Dear Readers…

Hello readers & followers! It has been quite some time since I wrote on this blog and I was ready to actually delete this blog. Luckily, someone made a recent comment that brought me back to those goose bump feelings I would get when I touched someone. I will be writing again, but may be changing the formatting on this blog.

Ok, quick updates on my life!

I am still debt free! Woo Hoo

I recently purchased a 2013 Mini Cooper (dream car) in cash – it was hard to see the savings diminish, but my 2005 Mazda3 had over 210,000 miles and it was time to say farewell. I could not mentally stand the thought of having debt/car payments again, so I bit the bullet and drained the savings. I am in rebuild mode again. On a pay it forward mentality note, I gave my Mazda3 to my cousin in Sacramento who loves it as she was taking the bus to class each day. I now keep up with her Snapchats and her in the car – typically at a fast food joint. 🙂

I am now focused on saving more money for a down payment! I still want to focus on one new country vacation each year and one new state each year, so I need to be able to add that to the budget for sanity purposes, but I do want to focus on that 20%.

One of my personal friends recently became a Real Estate agent and introduced me to a lender who is evaluating my finances. I do not feel very confident about the liquid cash I have, but we will have to see how our discussion goes on Tuesday.

Now that I have a focus, I will be mainly blogging on ways to save for that down payment! Here are some budget friendly action items I have recently done.

  1. I stopped buying coffee! I used to walk into the office daily with coffee the last few months, but I now make it at home daily. Back to the grind!
  2. I have been brown bagging it. Due to my crazy work schedule and commute, I had to outsource my shopping and stick to a realistic plan. This may help you city dwellers:
    • I use Instacart (www.instacart.com) for my grocery shopping. I accepted the fact that I would arrive home around 7pm and was way too tired to shop and then cook. I easily stopped by the local Vietnamese restaurant nearby way too many times dropping $20+ a night! I now create a shopping list, walk to my car at work, hit “submit” and by the time I am home 45 minutes-1 hour later, groceries are delivered to my door. I signed up for the annual fee to avoid delivery fees each usage, so I then just pay for the tip. However, the money I save from eating out is well worth it. Not only to mention, my sanity and time is saved!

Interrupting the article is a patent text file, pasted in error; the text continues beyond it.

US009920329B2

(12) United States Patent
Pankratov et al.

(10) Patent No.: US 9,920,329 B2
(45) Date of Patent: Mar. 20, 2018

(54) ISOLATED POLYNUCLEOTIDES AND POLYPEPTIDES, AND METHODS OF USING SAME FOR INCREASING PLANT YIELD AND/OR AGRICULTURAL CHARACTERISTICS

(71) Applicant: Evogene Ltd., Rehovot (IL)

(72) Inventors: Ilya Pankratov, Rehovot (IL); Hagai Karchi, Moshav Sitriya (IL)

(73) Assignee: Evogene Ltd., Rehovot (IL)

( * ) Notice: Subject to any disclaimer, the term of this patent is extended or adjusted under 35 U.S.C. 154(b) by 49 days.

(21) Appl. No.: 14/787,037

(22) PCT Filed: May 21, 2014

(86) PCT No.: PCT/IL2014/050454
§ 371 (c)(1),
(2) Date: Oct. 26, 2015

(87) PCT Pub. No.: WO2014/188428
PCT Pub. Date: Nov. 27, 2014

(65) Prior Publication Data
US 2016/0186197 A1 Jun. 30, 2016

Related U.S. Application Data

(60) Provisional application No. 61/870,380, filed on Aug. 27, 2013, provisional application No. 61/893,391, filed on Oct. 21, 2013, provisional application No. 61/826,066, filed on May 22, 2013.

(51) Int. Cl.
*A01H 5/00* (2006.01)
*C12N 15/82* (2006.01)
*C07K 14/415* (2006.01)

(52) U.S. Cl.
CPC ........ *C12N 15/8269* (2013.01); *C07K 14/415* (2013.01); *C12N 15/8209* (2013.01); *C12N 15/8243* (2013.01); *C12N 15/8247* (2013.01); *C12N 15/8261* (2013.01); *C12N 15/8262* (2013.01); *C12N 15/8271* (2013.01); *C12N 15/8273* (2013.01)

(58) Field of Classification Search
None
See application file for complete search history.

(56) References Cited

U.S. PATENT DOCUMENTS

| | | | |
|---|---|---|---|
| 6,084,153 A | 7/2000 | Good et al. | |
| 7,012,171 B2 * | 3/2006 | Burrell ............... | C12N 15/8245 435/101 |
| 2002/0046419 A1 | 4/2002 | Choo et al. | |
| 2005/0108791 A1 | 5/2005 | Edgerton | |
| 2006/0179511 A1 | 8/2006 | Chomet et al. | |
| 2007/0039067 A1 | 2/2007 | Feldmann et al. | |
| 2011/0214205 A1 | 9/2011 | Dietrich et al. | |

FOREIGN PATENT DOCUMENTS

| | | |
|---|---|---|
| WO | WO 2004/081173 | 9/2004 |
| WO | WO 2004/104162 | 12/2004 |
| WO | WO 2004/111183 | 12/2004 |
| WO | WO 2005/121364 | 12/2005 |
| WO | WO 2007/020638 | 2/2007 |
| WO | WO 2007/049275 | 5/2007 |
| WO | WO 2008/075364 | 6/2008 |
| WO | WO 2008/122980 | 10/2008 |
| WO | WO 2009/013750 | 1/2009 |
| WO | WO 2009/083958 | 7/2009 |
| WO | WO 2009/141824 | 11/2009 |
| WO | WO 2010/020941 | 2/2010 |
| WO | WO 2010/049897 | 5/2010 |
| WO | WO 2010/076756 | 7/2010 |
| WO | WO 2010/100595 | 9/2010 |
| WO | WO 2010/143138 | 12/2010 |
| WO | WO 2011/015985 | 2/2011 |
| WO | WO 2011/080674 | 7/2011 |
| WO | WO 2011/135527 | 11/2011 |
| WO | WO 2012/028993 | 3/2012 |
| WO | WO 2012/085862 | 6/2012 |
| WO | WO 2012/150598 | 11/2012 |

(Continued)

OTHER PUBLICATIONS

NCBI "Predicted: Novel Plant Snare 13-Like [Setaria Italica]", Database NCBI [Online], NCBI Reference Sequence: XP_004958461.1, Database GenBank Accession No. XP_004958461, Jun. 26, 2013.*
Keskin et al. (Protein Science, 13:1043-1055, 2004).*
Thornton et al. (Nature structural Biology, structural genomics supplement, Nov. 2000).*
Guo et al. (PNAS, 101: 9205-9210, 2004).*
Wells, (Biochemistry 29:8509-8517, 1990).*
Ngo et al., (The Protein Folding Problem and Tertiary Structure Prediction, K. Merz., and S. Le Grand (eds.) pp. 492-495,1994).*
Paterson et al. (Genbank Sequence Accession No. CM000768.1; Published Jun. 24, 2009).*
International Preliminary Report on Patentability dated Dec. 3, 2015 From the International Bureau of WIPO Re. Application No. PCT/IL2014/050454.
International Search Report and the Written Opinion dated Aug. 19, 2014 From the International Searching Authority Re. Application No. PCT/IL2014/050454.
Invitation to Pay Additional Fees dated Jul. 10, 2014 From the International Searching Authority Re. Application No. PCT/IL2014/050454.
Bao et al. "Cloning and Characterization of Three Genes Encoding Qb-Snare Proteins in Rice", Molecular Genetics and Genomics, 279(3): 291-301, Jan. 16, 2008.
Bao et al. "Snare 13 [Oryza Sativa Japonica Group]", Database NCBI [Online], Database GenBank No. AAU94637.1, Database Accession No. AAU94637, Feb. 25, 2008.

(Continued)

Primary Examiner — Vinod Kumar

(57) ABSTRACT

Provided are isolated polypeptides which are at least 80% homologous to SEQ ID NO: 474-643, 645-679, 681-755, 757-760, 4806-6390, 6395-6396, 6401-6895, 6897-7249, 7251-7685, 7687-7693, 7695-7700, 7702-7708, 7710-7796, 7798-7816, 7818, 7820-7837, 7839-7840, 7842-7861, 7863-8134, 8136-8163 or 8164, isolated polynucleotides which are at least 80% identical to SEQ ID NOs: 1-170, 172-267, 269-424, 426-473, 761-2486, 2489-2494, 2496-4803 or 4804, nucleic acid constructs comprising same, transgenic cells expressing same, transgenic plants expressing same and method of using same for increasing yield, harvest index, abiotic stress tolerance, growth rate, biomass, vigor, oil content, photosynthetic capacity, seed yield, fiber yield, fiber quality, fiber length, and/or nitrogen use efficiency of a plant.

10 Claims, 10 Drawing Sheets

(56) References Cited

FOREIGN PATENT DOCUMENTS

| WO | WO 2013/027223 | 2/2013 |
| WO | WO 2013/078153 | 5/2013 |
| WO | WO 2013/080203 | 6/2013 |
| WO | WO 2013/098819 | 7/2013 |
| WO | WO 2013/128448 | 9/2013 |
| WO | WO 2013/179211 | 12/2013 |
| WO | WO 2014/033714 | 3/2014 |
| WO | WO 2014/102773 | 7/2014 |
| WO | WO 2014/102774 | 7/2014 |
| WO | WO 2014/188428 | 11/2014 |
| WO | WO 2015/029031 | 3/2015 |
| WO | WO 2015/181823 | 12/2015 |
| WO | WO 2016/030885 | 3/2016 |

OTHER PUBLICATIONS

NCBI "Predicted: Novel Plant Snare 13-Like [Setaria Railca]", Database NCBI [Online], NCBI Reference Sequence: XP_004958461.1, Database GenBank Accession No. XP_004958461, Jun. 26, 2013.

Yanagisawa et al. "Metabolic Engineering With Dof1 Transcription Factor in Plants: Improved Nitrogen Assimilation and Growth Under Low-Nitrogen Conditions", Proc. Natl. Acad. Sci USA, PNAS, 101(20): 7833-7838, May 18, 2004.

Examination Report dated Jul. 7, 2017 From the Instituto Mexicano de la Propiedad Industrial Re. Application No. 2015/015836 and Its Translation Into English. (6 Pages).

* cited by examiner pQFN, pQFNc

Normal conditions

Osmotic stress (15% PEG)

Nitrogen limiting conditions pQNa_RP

• Learn what works for you: I purchased an indoor grill because I hated the way my chicken breasts came out, so I invested in items that will help me eat what I shopped for. I also found a Griddle pan at Ross that I love that has helped me make breakfasts more enjoyable. Also, frozen rice is a life saver, but is more pricey, so I am looking into a rice cooker.
  3. Back to saying NO! I have said no to quite a few things. If it does not bring me joy, I just can’t do it. Also, I am looking for NEW adventures, so if I have tried that restaurant, if I have already done that event before, chances are, I will say no to you (with a smile)

Ok, that is all folks – Keep you posted on my down payment goals. I am also looking into investing strategies, so I’ll share that as well.

Cheers!

Frugal Idea #49: Yummly

I was recently invited to dinner at my friends’ spot. They are recently married and they are both passionate of their crock pot. So far, I have only discovered their homemade turkey chili. However, I am anxiously waiting to try the salsa verde chicken! It was really great to see a couple take time to make home made meals versus eating out for dinner.